Published in The Chronicle Journal, Thursday, July 7th, 2022
BY JULIO HELENO GOMES
One of the most promising developments in the medical field centres on tiny sensors that can potentially provide the user with instant information on their health. In terms of heart monitoring, recent advancements in wearable devices are bringing more and more information into the hands of its user.
However, one of the challenges in accessing data from these devices is background noise. But work undertaken by Lakehead University researchers is pointing a way around this problem. By using deep learning-based data-driven models, Dr. Zubair Fadlullah says they have a way to potentially overcome the issue of low frequency noise.
“I would say it’s a very significant achievement,” says Fadlullah, an associate professor in the department of Computer Science. “For the people who fabricate, who manufacture these sensors, it will be a breakthrough for them.”
Fadlullah, who came to Lakehead in 2019 from Japan, has a background in information sciences. His research focuses on wireless communication systems, the Internet of Things, and smart health technology. As joint Lakehead University-Thunder Bay Regional Health Research Institute Research Chair, his interest is medical analytics and biomedical computing.
In particular, he is looking at the “resource constraint” of computing devices. These sensors and other biomedical equipment don’t have “local intelligence,” meaning they only monitor and collect data and upload it to be processed and then sent back to the user, for example, a doctor, who will make use of that analysis. “Resource constraint” usually refers to battery power and means the sensor doesn’t integrate with the computer.
“That’s why the sensor collects the data, sends the data out to some remote server -- the Internet or the cloud -- and the cloud does the processing and analysis, gives some result, and then transmits the result back to the owner,” Fadlullah explains. “These conventional sensors typically work like dumb monitors. They are non-intelligent.”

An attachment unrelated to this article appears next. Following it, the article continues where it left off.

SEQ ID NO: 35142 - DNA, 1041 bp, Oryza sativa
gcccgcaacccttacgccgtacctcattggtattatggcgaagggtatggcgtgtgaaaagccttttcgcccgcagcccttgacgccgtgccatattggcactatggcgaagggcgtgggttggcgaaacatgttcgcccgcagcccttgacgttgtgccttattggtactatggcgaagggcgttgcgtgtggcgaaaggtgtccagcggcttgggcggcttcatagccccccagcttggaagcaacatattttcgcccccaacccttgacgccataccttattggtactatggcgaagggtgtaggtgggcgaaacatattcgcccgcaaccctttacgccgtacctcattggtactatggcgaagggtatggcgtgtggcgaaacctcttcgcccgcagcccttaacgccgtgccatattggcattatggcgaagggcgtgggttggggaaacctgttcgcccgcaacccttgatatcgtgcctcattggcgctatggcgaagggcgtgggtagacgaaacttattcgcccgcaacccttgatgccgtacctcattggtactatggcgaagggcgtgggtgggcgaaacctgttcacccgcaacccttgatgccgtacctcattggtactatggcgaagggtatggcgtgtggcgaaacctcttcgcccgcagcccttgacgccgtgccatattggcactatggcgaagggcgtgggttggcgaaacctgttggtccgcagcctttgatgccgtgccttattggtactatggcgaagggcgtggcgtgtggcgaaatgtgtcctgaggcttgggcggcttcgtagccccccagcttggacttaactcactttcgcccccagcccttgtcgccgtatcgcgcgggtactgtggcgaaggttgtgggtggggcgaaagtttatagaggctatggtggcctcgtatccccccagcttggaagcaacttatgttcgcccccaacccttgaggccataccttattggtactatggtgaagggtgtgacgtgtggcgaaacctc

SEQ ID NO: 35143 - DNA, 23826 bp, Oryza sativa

One example is the electrocardiogram (ECG or EKG), which checks heart function by measuring electrical activity. A well-trained technician can interpret the signals to determine if a person has arrhythmia, coronary heart disease or other conditions that require attention. Generally, an ECG involves attaching small, sticky sensors called electrodes to the arms, legs and chest.
“This is intrusive and requires the patient to go to a clinical setting,” Fadlullah notes.
There are now many types of wearable devices that passively monitor heart activity. But they do not offer clinical-grade ECG readings.
“We want to create non-intrusive ECG monitoring without putting additional burden on the user – without them having to put these electrodes on their body or wear some kind of watch all the time that can perform continuous heart monitoring,” he says.
The other issue is the device that monitors the magnetic field that arises from electrical activity of the heart (MCG or magnetocardiography) is large, sits in a magnetically shielded room and requires cooling. The goal is to develop technology that measures electrical activity of the heart in a more compact package, specifically small magnetic sensors.
“If we can do that, we have the potential of generating lots of these sensors, placing them in the residence of users, in hospitals, in clinics,” Fadlullah says. “With such proof-of-concept, patients don’t have to hold these electrodes on their body, they don’t have to keep the wearable devices on all the time. It just makes things much easier for them, to have this non-intrusive cardiac reading.”
The problem is that there are so many magnetic fields around that they create low frequency noise. Working with collaborators at Tohoku University in Japan, Fadlullah and his research assistant used machine learning to combine two AI architectures targeted for magnetic sensors to denoise or clean up this interference.
“The main benefit of this research is that it can pave the way for the future of non-invasive long-term patient monitoring in remote settings,” says Sadman Sakib, the graduate assistant on this project.
Sakib, who graduated in 2021 with a Master in Computer Science degree and is now working as a data scientist in Kingston, Ont., believes this research can expand to other areas of medicine, providing faster access to health services, especially in rural and remote communities.
Fadlullah, along with his students and research collaborators, has published several papers to show machine learning-based models can be used to overcome the obstacle associated with specific magnetic sensors in cardiac monitoring.
“Having this kind of small and ultra-sensitive sensor is all good. But if they couldn’t solve the challenge of filtering out these low frequency noises, these sensors wouldn’t be very useful, wouldn’t be very practical,” he says. “Solving this problem of filtering out the low frequency has opened up so many applications for our collaborators. I believe this is almost a breakthrough.”
In the meantime, he has extended the theoretical part of the work to study early warning sensing of cardiac activity. The study involves graduate assistant Mohamed Elshafei and is supported by the Qatar National Research Fund.
Research in Action highlights the work of Lakehead University in various fields of research.